Songbird Protection Coalition
Sandhill Crane Dancing
Sandhill Cranes are known for their complex courtship dancing skills. Dancing facilitates strong committed pair bonding and allows rivals to assess the status and fitness of one another throughout their long lives. Parents educate their chicks, while they are dependent young, by dancing with them for the entire first year of their life. After leaving their parents, the chicks form nomadic flocks with other juveniles and non-breeding adults. In these flocks, adolescent cranes practice dancing for years and use these skills when they carefully select a mate.
The strong pair bond, which results from courtship dancing and trumpeting, is necessary for cooperation, hierarchy, reproduction, and survival. However, sandhill cranes are often seen dancing and vocalizing for no apparent reason. For example, captive cranes will dance in good weather and penned birds dance when they are released from their enclosures. Even two-day-old chicks dance playfully on their awkward and gawky long legs. Perhaps this is merely the exuberant reflection of a state of mind, or heart, that we as humans attribute to the 'joy of life.'
The remarkable dancing of sandhill cranes is systemic, contagious, addictive, and enthusiastic. Long intricate displays frequently involve the circling of one crane around a stationary partner or the mutual rotation of both partners. Although the dancing is most common in the breeding season, sandhill cranes can engage in their spontaneous dance displays throughout the entire year. The sequences of coordinated dance steps are often seen at summer nesting territories, but are also seen more rarely at roosting and staging sites.
Courting cranes are magnificent as they stretch their wings, pump their heads, bow, and leap into the air in a graceful and energetic dance. Successfully paired sandhill cranes are strictly monogamous and typically mate for life. Juvenile sandhill cranes begin to select their mates between the age of two and five years of age, and remain paired for decades. Because of the stability of their lifelong relationship and its benefits, sandhill cranes are long-lived and commonly survive 20 or more years in the wild.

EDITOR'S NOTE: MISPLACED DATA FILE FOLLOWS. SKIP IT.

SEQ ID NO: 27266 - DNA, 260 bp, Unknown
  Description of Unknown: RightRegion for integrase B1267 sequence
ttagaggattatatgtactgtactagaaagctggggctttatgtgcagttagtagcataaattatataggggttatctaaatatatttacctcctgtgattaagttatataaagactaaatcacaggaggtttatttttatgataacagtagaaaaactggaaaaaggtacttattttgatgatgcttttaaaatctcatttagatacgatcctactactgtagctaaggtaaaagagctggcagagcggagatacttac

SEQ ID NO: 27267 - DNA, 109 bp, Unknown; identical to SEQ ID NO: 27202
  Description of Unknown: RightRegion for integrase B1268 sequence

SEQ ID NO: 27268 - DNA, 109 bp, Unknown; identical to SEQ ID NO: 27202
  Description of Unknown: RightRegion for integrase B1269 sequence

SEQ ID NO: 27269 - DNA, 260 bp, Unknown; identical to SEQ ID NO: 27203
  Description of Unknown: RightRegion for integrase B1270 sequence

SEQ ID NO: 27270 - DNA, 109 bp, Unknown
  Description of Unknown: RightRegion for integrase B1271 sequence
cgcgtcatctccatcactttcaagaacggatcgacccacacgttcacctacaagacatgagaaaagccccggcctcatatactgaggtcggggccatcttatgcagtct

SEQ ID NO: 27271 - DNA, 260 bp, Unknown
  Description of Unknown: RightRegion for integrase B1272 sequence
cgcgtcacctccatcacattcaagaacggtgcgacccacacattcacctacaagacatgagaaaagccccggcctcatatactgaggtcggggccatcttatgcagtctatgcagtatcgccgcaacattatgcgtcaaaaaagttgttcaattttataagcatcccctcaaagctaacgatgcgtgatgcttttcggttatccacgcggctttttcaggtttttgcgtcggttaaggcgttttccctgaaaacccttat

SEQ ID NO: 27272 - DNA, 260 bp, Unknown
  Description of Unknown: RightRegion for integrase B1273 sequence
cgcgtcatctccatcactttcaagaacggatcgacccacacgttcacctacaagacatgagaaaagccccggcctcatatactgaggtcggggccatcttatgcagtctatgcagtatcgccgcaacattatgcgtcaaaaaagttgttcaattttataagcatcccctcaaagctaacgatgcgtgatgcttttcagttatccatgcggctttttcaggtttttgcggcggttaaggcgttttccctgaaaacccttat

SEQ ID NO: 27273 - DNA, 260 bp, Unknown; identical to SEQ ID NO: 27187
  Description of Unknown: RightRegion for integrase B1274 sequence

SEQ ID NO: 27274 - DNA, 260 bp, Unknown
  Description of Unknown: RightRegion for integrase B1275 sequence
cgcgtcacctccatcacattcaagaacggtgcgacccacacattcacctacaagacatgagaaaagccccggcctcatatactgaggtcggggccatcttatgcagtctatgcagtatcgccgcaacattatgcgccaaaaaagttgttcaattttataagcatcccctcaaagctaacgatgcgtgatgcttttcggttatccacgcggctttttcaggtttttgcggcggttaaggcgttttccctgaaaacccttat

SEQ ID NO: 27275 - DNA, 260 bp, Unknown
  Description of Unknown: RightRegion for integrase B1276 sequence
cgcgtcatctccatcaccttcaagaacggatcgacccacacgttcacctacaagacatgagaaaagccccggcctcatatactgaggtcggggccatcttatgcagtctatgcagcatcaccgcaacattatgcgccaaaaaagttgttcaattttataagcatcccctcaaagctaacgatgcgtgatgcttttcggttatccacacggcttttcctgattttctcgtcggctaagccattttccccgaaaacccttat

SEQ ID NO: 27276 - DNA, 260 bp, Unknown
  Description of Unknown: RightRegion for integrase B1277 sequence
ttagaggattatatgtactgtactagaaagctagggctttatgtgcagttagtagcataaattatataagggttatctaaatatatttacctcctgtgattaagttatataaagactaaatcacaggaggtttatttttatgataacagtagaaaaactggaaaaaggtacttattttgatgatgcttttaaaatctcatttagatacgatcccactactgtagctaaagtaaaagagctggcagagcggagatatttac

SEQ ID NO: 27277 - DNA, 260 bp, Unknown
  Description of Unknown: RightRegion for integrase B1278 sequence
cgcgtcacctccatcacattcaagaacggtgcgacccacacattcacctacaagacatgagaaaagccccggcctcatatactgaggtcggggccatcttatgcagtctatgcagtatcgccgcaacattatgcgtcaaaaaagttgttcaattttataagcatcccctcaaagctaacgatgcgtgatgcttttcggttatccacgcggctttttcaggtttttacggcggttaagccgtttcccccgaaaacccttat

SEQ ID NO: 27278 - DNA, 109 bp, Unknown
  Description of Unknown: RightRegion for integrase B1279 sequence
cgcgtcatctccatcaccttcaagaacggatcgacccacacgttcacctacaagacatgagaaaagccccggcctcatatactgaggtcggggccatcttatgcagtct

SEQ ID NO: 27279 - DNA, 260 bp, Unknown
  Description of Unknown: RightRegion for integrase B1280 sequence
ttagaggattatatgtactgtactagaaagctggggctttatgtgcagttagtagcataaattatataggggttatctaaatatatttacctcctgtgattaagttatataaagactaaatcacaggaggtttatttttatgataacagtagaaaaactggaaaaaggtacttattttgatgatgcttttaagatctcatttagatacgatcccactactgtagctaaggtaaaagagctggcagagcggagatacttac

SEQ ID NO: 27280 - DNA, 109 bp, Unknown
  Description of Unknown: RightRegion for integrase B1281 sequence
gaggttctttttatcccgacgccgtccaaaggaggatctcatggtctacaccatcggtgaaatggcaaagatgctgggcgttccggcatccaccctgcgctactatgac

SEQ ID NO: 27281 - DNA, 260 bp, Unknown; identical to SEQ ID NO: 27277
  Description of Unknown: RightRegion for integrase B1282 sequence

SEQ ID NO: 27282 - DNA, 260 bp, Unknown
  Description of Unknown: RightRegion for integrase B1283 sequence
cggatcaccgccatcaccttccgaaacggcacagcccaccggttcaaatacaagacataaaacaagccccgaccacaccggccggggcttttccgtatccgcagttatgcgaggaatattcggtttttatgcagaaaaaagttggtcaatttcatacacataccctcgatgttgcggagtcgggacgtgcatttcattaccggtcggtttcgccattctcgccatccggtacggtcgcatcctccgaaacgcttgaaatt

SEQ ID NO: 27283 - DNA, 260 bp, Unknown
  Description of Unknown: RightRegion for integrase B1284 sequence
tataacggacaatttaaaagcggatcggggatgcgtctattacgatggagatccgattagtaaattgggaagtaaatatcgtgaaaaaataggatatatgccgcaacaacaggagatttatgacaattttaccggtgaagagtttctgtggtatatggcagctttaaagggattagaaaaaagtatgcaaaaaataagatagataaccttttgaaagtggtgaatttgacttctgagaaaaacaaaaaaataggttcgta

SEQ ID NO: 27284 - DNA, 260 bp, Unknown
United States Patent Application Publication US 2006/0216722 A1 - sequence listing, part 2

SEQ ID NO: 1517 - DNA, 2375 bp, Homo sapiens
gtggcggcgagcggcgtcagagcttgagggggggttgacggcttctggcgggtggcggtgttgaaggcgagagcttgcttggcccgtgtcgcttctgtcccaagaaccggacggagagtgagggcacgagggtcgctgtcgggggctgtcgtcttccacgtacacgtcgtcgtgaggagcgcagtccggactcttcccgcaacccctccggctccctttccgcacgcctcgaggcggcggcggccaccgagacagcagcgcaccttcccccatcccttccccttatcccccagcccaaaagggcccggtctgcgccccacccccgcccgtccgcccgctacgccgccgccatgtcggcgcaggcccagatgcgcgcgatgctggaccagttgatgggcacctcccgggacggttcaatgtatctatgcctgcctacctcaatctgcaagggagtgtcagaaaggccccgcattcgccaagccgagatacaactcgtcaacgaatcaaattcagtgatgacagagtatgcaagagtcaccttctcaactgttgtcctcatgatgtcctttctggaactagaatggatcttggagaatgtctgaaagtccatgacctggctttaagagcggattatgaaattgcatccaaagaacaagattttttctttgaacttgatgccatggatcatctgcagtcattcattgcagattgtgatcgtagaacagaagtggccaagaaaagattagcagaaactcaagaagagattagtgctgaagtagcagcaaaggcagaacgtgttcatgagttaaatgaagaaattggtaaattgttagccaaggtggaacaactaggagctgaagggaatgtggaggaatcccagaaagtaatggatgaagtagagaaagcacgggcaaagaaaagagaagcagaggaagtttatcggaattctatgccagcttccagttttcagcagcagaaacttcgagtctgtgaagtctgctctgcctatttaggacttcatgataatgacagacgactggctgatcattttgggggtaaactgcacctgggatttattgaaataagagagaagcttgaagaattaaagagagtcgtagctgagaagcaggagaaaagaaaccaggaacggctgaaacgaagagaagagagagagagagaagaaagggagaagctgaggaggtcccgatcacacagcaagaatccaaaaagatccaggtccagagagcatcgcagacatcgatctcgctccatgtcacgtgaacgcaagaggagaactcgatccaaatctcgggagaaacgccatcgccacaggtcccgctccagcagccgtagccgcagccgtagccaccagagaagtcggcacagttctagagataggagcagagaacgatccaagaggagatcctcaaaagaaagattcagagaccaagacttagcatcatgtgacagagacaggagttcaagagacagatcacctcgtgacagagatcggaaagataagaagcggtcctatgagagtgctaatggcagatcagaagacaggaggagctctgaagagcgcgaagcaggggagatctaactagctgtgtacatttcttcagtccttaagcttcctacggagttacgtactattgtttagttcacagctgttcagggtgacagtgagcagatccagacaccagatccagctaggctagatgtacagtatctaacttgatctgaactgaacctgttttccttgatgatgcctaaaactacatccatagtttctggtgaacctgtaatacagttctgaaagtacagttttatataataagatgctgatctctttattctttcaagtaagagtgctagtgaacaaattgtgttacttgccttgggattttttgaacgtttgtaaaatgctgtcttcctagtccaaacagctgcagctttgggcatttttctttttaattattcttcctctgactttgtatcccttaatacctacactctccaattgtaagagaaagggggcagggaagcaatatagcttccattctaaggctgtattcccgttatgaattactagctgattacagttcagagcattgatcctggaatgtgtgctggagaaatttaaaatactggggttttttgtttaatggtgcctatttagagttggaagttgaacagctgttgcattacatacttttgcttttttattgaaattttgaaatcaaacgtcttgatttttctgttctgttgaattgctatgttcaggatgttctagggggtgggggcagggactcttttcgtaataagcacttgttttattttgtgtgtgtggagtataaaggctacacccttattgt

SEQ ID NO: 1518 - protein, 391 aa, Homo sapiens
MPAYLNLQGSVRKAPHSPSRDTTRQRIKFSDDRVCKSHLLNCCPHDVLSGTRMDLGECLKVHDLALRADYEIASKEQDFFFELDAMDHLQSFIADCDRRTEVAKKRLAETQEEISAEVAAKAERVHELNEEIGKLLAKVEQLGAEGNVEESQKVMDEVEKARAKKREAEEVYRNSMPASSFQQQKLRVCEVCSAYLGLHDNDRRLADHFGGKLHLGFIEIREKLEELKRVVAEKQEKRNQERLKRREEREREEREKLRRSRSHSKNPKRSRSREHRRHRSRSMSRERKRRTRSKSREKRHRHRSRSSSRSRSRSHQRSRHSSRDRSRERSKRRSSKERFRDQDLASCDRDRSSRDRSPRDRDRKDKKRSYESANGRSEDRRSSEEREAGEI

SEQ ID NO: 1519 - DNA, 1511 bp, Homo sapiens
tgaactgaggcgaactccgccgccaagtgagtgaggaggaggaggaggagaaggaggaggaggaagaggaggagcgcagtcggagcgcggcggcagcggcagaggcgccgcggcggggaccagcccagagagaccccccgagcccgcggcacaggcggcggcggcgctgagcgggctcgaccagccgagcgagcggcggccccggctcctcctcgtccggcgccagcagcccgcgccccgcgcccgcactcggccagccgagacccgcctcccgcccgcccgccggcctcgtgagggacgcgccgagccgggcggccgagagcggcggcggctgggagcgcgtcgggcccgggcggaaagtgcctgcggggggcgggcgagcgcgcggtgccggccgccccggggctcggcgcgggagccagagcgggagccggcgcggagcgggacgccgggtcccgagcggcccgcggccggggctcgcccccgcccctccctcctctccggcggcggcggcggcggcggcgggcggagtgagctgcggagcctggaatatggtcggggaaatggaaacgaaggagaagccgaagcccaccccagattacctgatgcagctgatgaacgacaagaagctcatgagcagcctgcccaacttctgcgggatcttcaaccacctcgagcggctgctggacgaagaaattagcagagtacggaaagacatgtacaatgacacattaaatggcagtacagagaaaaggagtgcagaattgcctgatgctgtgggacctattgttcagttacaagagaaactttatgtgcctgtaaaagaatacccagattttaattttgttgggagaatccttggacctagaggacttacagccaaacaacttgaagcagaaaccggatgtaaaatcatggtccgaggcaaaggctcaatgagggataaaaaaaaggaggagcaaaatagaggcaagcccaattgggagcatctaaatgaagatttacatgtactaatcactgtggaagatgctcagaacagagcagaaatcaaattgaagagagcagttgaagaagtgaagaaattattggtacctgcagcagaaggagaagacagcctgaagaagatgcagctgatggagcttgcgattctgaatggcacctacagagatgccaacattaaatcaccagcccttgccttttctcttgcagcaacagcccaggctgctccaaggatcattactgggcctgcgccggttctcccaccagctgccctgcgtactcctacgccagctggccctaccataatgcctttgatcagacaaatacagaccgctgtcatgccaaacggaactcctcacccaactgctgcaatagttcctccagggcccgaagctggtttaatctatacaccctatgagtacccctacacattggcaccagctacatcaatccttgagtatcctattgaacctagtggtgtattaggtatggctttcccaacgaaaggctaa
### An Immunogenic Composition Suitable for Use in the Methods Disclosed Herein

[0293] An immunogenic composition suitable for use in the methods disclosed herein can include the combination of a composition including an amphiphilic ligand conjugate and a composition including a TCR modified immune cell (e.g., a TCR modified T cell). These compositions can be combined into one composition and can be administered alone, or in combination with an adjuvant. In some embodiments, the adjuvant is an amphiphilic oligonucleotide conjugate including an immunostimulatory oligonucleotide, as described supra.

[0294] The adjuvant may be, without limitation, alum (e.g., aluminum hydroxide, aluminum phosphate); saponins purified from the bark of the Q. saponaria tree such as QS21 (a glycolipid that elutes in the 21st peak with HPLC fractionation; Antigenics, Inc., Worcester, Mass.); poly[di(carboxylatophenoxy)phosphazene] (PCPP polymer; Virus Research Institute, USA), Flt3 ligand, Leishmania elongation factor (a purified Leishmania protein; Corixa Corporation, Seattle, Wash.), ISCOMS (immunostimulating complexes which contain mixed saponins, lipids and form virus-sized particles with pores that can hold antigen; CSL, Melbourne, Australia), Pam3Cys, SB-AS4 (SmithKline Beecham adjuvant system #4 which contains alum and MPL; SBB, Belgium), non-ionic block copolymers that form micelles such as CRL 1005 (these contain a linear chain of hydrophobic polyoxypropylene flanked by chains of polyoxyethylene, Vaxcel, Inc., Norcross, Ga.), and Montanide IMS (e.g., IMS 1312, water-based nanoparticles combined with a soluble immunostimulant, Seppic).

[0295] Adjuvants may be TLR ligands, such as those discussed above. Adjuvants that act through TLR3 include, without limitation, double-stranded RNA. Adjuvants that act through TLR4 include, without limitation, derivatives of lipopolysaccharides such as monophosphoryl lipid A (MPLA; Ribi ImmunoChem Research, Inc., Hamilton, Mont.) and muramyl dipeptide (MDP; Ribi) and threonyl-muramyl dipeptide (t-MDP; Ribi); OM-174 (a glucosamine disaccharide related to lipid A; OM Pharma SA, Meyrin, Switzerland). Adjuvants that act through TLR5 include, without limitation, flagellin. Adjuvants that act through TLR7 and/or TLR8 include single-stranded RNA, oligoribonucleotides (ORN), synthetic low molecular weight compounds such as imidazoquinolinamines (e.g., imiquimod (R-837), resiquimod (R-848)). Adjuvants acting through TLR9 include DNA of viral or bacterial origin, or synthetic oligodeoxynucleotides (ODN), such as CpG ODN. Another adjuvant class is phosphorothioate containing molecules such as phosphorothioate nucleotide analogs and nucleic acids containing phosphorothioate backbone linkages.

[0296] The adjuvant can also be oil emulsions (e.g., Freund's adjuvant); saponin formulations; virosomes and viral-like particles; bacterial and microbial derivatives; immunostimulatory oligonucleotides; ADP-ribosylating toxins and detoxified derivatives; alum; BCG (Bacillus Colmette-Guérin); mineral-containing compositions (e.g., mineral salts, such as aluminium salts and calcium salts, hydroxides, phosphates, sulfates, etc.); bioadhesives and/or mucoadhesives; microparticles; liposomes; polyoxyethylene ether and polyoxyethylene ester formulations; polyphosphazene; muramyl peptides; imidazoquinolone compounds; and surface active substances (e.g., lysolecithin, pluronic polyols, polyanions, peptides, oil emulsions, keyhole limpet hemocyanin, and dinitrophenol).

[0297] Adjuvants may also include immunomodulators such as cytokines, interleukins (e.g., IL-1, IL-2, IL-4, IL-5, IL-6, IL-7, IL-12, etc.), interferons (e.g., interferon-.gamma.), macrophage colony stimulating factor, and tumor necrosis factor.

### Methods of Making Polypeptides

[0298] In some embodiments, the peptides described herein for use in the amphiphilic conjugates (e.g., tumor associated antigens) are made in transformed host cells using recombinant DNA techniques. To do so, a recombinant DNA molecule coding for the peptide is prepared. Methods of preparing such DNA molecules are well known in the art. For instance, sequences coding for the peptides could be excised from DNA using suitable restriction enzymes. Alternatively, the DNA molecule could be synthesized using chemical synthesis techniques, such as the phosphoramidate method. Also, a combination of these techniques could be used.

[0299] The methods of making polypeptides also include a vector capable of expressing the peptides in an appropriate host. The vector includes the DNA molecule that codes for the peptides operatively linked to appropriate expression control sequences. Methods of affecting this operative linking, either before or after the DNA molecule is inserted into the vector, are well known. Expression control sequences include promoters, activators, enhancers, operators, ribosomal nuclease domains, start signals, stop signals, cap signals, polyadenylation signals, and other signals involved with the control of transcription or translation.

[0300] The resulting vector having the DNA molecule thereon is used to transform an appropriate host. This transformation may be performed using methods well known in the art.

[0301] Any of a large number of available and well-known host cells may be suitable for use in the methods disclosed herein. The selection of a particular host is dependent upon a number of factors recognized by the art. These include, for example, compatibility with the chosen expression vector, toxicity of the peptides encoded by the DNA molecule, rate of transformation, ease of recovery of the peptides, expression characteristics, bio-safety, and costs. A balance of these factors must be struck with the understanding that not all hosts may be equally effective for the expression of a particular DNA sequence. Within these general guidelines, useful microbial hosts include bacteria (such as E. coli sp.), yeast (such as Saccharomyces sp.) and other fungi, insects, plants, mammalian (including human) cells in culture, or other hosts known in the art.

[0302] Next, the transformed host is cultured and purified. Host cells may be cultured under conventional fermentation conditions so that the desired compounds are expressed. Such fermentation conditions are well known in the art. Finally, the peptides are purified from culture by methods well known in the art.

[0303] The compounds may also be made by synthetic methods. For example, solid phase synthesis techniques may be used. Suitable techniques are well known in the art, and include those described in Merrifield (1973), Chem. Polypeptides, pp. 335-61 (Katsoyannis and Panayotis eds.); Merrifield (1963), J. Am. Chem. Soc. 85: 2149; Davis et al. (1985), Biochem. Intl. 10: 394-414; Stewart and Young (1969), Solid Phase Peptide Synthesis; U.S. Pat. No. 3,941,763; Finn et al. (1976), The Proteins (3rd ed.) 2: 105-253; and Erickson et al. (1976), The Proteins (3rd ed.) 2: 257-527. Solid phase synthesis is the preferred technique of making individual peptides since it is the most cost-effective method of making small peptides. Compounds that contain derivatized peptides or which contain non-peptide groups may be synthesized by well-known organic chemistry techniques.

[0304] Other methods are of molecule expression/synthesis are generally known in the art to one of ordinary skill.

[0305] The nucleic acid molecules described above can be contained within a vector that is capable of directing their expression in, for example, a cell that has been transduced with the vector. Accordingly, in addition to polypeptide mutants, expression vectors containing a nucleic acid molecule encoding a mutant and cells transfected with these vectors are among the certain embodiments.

At the end of the breeding season as the fall progresses, bonded pairs migrate south together, to their wintering grounds, often accompanied with one surviving fledged colt (or sometimes, but less often two). The family will then migrate back together to their northern natal territory that they faithfully occupy and defend from breeding season to breeding season.
The beauty and elegance of the sandhill crane is unforgettable and has inspired people from many cultures around the world. Their annual migrations are eagerly awaited by those who are fortunate to witness the flocking cranes along their dangerous journey. In many communities, celebrations and festivals have been organized to pay tribute to this migration event and bring tourism and revenue to their respective communities.
The compelling attributes of this ancient species have made them an important part of the multi-billion dollar bird watching industry that continues to expand each year. With the economical and political influence of bird hobbyists, the sandhill crane population has a powerful ally to fight off and end unwarranted attacks by misguided special interests, and our voluntary donated fundraising dollars [24 million as of 2017] through Michigan Non-Game Fund "pays" for our non-game birds!
Sources, including but not limited to, Sandhill Crane Display Dictionary, Cranes: A Natural History of Bird Crisis by Janice M. Hughes, Michigan Department of Natural Resources, Wisconsin Department of Natural Resources, United States Fish and Wildlife Service.